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Media Matters Says Conservatives Rubber Stamp the Romney Energy Plan

August 25, 2012

By Mark P. Mills

PRINTER FRIENDLY

Thank you Media Matters, for an efficient summary of the terms of the energy debate.

I know it’s their job to cast issues like energy in the framework of "conservatives" who "rubber stamp" what Romney is proposing, and "liberals" who oppose it. Fair enough. But if the best, the core, of what they can come up with as criticism of Romney’s Energy Plan, and the kind of ideas that I and others have offered, is that they are based on optimistic outcomes – well then I say game on. This is the debate we need to have about energy, and technology and about America’s future, and about jobs.

The debate we’re now engaged in over energy arises from three indisputable facts:

  • America has discovered it has hydrocarbon abundance. We’re not in an age of limits. We’re not running out of the stuff that provides 85% of all our fuel, and 85% of current and future energy jobs. (This is fundamentally the result of a tech revolution, as I outlined in my previous column.)
  • Alternatives to hydrocarbons are darned hard to come up with in any significant way, in any relevant time frame, and at prices that matter. This is what we’ve learned from billions of federal dollars spent trying, not just over the past few years but for decades now. (Spain learned this lesson the real hard way.) We should keep at it, in terms of basic R&D, but we have learned from this Administration’s experiment that the alternatives to hydrocarbons are not close to providing the kinds of jobs that America needs.
  • And the most important fact — America is in the middle of a huge jobs crisis. The most severe since the Great Depression. It is an appalling mess for this country. The utter first, last, and only priority for government today must be to focus on jobs, jobs, and jobs.

There’s nothing sadder to see than a friend or fellow citizen suffering the debilitating impact of unemployment and under-employment. There is no single more influential fix for nearly all our economic and social woes, from housing to education, to health care and the arts, than having booming job growth.

Until we have a robust job recovery every policy of the government should have to pass through a filter: does the idea/policy create and promote jobs? If it doesn’t it should have a low priority. And secondly, the filter should be, does the idea/policy harm jobs? If does – put it off or fix it.

U.S. states, such as North Dakota, have experienced staggering job growth and revenue gains on the shoulders of encouraging hydrocarbon production (from private and state-controlled lands). Michael Barone has been eloquent on this.

Serious analysts, in particular the impressive team at Citi (which Media Matters cites) point to huge numbers like 3.6 million net new jobs from expanded hydrocarbon production. My own analysis asks the question: what happens if we were to accelerate current trends? Even more jobs and revenues.

And these are exactly the kinds of jobs Democrats say they want – high-paying, middle-class jobs, a lot of union jobs too, with huge ripple-out impacts creating yet more jobs across local economies.

Media Matters says that Citi’s analysis is based on a "good case" scenario. That’s the point. How do we inject optimism into our economy? Like Citi and others similar, I also point out that my forecasts are not a forecast of what will happen, but what can happen. Obviously, government can stifle and crush the prospects of a gusher of hydrocarbon jobs – or accelerate it.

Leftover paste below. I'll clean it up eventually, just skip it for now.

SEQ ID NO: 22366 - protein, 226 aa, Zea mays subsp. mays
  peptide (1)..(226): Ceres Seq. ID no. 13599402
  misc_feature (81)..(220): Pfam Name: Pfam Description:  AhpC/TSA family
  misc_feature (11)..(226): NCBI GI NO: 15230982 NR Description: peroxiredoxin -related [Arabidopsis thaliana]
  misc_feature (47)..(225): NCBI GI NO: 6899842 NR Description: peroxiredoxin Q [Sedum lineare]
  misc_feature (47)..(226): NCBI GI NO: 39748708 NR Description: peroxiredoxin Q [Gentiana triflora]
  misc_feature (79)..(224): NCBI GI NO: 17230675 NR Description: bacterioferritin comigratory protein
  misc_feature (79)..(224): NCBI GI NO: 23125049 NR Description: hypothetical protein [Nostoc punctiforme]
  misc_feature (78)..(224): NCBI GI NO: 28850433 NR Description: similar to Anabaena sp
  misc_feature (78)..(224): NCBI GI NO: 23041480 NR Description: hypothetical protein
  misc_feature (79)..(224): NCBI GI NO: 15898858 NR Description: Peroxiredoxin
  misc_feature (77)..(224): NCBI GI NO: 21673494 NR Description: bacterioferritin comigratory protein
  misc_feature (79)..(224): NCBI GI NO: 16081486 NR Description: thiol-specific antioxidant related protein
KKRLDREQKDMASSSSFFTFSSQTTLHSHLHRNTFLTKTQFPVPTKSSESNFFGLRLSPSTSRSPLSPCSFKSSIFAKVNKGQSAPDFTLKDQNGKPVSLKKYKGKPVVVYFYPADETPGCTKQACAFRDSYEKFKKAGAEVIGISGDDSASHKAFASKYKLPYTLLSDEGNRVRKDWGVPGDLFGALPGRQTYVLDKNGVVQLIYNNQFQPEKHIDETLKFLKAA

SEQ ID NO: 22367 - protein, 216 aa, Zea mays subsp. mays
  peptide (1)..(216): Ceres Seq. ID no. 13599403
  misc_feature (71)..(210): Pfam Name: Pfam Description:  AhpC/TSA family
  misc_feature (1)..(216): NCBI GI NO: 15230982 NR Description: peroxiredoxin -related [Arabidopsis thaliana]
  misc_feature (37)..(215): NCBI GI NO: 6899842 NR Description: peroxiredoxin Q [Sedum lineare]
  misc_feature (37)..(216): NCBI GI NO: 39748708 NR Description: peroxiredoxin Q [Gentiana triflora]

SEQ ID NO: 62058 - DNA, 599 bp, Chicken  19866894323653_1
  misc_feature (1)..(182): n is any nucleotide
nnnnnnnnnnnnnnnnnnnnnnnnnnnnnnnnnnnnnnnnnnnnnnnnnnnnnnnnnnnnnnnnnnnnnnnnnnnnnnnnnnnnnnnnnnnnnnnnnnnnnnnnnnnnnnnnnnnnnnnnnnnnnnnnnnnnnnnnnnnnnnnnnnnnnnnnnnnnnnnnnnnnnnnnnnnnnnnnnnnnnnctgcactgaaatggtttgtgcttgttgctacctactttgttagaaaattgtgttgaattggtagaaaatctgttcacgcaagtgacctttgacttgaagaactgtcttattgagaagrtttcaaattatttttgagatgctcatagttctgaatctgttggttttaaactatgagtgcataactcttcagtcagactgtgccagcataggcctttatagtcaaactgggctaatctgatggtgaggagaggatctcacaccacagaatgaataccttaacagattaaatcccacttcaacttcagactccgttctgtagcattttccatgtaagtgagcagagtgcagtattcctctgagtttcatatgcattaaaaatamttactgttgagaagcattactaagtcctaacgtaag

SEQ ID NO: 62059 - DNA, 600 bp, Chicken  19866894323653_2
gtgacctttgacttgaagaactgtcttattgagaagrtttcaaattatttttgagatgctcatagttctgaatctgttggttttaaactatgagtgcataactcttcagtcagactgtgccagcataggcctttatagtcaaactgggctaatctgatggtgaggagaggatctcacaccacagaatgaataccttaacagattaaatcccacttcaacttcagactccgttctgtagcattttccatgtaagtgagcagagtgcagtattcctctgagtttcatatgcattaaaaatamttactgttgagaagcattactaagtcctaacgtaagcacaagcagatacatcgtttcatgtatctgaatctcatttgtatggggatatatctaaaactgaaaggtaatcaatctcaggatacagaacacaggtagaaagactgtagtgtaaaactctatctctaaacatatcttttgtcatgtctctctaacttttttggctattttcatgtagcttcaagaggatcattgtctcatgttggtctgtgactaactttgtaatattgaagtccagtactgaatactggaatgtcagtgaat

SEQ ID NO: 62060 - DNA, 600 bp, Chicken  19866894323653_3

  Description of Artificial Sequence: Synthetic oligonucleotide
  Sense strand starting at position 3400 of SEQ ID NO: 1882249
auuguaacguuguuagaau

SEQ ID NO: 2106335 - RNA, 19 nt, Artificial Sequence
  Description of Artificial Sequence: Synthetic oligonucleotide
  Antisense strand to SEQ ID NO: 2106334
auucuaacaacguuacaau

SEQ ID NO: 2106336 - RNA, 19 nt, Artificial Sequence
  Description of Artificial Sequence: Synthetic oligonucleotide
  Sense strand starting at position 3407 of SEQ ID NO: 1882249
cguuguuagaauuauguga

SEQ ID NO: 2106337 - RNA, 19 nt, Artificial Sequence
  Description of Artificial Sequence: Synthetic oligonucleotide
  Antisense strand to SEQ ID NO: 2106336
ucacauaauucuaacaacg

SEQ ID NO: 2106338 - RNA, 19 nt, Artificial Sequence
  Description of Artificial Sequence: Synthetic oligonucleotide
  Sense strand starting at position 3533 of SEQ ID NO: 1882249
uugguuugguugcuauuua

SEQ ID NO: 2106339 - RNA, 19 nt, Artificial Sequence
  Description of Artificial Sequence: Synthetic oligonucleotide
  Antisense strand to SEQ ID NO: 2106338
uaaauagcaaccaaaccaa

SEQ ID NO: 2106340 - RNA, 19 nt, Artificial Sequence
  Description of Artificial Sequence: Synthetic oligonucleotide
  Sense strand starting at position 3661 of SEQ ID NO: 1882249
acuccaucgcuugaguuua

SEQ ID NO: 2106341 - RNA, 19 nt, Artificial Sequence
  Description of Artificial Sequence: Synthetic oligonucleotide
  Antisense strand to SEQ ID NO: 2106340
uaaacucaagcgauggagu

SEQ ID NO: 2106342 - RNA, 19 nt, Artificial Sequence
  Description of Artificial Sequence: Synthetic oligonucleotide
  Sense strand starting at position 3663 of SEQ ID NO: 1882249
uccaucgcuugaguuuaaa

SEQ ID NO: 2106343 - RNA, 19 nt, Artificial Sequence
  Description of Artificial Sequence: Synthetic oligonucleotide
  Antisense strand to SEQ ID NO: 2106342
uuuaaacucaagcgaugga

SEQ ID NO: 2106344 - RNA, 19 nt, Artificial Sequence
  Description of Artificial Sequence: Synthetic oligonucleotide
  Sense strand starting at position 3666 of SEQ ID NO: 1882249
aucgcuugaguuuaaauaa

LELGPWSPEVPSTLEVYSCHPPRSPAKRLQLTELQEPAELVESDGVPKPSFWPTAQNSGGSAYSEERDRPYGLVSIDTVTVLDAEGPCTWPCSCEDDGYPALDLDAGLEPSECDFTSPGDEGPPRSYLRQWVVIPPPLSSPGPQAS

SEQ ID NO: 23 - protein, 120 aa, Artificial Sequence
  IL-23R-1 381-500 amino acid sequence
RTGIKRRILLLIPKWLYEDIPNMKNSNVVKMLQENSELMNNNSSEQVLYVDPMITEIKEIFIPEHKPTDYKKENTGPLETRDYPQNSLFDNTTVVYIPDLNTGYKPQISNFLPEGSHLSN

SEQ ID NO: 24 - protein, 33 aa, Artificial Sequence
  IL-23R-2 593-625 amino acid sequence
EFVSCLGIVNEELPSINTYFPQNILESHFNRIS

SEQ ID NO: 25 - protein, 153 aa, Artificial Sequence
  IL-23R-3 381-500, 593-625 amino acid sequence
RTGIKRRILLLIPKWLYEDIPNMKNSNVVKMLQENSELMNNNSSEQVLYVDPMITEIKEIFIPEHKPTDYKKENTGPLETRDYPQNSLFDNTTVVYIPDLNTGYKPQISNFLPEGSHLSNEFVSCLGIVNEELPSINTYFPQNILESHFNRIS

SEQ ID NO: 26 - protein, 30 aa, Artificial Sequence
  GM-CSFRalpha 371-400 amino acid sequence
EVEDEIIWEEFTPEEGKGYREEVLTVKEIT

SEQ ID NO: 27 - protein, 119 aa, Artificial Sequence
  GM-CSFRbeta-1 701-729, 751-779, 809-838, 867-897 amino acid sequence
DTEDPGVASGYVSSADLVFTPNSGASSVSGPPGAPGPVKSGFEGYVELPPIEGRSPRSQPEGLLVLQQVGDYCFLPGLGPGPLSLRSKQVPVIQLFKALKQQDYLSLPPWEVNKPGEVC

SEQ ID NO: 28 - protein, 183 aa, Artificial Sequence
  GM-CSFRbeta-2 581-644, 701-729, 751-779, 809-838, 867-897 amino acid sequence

Equally obviously – it is tedious to have to state this every time, but in the political climate, one is compelled – there are issues, problems, and nuances associated with any plan to expand the hydrocarbon infrastructure to produce and ultimately export more coal, oil and natural gas. But they are manageable issues. And none should obviate the opportunity to re-ignite our economy with jobs growth.

But I will confess as a physicist, I’ve long been amazed at the eagerness in Washington to label sensible things – like encouraging the 18,000 small oil & gas businesses to hire more people – as "conservative" or "liberal." But maybe in these truly unique times we can get beyond the labels, and look at the facts and the jobs.

There has not been a destruction of jobs this severe in nearly a century. Hydrocarbon expansion offers one way to generate jobs and wealth, and at no cost to federal and state treasuries. It will use private capital instead of public funds. Why not unleash and accelerate that?

Finally, equally obviously, Governor Romney’s Energy Plan is no panacea and not perfect. But it’s a great start as my colleague and Manhattan Institute President, Larry Mone, writes today in the Wall Street Journal.

When it comes to the real world, I like what President Reagan said when he was criticized from his right about policies he championed …

Die-hard conservatives thought that if I couldn’t get everything I asked for, I should jump off the cliff with the flag flying-go down in flames. No, if I can get 70 or 80 percent of what it is I’m trying to get … I’ll take that and then continue to try to get the rest in the future.

Since what we’re talking about here is jobs, I say amen and amen again to this advice for both sides of the aisle. And the good news is that the framework of debate as structured by Media Matters is really about big ideas. Good. Game on.

Original Source: http://www.forbes.com/sites/markpmills/2012/08/25/media-matters-says-conservatives-rubber-stamp-the-romney-energy-plan/

 

 
 
 

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